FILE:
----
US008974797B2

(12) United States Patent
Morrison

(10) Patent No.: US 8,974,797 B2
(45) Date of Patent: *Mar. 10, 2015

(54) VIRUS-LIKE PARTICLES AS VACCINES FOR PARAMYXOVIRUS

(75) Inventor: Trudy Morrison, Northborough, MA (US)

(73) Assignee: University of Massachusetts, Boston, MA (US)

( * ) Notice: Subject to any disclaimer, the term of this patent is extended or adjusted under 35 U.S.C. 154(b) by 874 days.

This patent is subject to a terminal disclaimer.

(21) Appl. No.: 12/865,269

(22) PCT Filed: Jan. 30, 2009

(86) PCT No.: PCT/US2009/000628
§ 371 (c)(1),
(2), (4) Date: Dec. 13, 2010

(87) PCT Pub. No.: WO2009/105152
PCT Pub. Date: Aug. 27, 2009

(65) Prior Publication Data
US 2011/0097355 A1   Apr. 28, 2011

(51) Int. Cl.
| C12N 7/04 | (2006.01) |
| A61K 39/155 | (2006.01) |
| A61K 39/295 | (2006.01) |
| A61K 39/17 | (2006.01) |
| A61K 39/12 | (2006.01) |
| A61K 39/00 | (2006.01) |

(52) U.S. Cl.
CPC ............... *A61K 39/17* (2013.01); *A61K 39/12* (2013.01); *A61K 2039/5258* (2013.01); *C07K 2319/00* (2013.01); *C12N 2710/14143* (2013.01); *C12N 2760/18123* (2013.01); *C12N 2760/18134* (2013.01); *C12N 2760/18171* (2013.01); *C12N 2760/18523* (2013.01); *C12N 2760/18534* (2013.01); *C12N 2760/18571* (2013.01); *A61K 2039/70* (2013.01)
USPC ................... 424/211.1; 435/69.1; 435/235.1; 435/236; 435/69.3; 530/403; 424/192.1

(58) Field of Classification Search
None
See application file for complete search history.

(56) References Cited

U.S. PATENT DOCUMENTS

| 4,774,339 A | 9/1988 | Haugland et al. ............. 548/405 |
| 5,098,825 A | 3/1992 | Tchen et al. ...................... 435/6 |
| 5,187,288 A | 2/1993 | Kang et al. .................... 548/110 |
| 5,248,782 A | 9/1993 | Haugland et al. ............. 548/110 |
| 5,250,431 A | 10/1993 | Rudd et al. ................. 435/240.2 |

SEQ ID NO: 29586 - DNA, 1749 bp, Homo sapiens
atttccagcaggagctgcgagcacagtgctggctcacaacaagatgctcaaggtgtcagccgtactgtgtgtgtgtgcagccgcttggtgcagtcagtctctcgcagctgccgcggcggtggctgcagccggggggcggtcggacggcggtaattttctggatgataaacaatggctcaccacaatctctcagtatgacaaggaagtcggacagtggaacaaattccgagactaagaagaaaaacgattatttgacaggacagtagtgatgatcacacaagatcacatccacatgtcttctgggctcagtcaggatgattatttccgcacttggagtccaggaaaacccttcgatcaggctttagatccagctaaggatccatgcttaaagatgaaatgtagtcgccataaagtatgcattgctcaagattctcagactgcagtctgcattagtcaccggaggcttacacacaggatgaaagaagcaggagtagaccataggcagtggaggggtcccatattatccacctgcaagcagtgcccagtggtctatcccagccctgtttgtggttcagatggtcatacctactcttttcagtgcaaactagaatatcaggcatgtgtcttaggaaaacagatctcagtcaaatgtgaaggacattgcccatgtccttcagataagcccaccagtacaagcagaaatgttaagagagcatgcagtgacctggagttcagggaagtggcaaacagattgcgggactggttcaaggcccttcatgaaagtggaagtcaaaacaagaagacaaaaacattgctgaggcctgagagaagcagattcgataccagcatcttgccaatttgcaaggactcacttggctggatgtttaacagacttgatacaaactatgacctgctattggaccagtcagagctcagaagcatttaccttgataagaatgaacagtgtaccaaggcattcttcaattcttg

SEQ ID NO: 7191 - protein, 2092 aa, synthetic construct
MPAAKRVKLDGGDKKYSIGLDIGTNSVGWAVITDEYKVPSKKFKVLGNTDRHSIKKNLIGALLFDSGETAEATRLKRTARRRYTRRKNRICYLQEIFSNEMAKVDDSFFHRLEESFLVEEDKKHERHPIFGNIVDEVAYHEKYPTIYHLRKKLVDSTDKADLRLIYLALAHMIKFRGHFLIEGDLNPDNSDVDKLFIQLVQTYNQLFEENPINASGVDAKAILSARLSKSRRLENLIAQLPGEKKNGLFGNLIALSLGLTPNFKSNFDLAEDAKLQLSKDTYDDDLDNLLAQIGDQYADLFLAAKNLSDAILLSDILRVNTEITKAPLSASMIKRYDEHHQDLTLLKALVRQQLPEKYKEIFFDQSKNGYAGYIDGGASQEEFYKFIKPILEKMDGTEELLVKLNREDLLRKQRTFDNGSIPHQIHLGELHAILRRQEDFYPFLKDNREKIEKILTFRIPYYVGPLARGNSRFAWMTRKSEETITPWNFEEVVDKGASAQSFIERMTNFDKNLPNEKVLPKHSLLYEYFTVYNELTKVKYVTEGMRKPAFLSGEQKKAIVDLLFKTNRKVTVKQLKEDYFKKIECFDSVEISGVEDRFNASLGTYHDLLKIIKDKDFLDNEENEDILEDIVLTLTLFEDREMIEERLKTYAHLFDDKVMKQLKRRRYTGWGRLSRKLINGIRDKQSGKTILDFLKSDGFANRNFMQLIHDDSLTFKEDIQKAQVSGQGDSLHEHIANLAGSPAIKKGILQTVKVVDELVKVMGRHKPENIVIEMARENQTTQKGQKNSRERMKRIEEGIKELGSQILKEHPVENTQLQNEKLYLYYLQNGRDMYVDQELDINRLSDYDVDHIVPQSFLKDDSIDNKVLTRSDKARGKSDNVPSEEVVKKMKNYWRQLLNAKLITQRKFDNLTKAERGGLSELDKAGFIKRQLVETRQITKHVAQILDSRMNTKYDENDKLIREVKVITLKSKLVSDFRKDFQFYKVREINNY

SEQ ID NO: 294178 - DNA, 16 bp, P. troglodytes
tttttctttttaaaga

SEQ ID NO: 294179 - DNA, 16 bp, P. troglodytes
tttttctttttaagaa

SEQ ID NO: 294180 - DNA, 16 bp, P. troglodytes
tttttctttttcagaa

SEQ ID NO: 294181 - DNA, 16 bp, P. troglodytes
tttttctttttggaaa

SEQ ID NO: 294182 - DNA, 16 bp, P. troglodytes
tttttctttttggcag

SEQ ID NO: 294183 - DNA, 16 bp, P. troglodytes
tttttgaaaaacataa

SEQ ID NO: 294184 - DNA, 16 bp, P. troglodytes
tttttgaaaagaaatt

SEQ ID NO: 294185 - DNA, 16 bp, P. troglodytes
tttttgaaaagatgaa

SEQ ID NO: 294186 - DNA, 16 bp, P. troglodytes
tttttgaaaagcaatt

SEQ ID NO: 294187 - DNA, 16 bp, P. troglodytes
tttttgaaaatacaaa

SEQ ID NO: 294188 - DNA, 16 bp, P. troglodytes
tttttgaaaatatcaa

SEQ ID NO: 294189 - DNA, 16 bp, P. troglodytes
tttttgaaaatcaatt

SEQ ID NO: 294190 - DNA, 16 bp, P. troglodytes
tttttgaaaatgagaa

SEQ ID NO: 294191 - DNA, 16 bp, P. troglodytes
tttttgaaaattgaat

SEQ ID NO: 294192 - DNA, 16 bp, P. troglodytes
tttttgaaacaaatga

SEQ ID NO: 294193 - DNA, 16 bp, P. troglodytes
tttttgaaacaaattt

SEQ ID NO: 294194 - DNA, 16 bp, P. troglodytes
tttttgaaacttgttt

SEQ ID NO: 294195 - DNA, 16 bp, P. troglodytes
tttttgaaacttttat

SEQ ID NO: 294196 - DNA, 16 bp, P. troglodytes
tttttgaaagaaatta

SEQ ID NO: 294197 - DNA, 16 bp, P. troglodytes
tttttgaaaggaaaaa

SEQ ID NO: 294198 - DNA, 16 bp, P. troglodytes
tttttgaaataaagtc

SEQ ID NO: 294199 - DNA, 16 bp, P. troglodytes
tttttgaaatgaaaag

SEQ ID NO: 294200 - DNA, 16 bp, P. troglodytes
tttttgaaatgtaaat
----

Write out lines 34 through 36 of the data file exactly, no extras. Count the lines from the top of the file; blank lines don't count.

U.S. PATENT DOCUMENTS

| 4,774,339 A | 9/1988 | Haugland et al. ............. 548/405 |
| 5,098,825 A | 3/1992 | Tchen et al. ...................... 435/6 |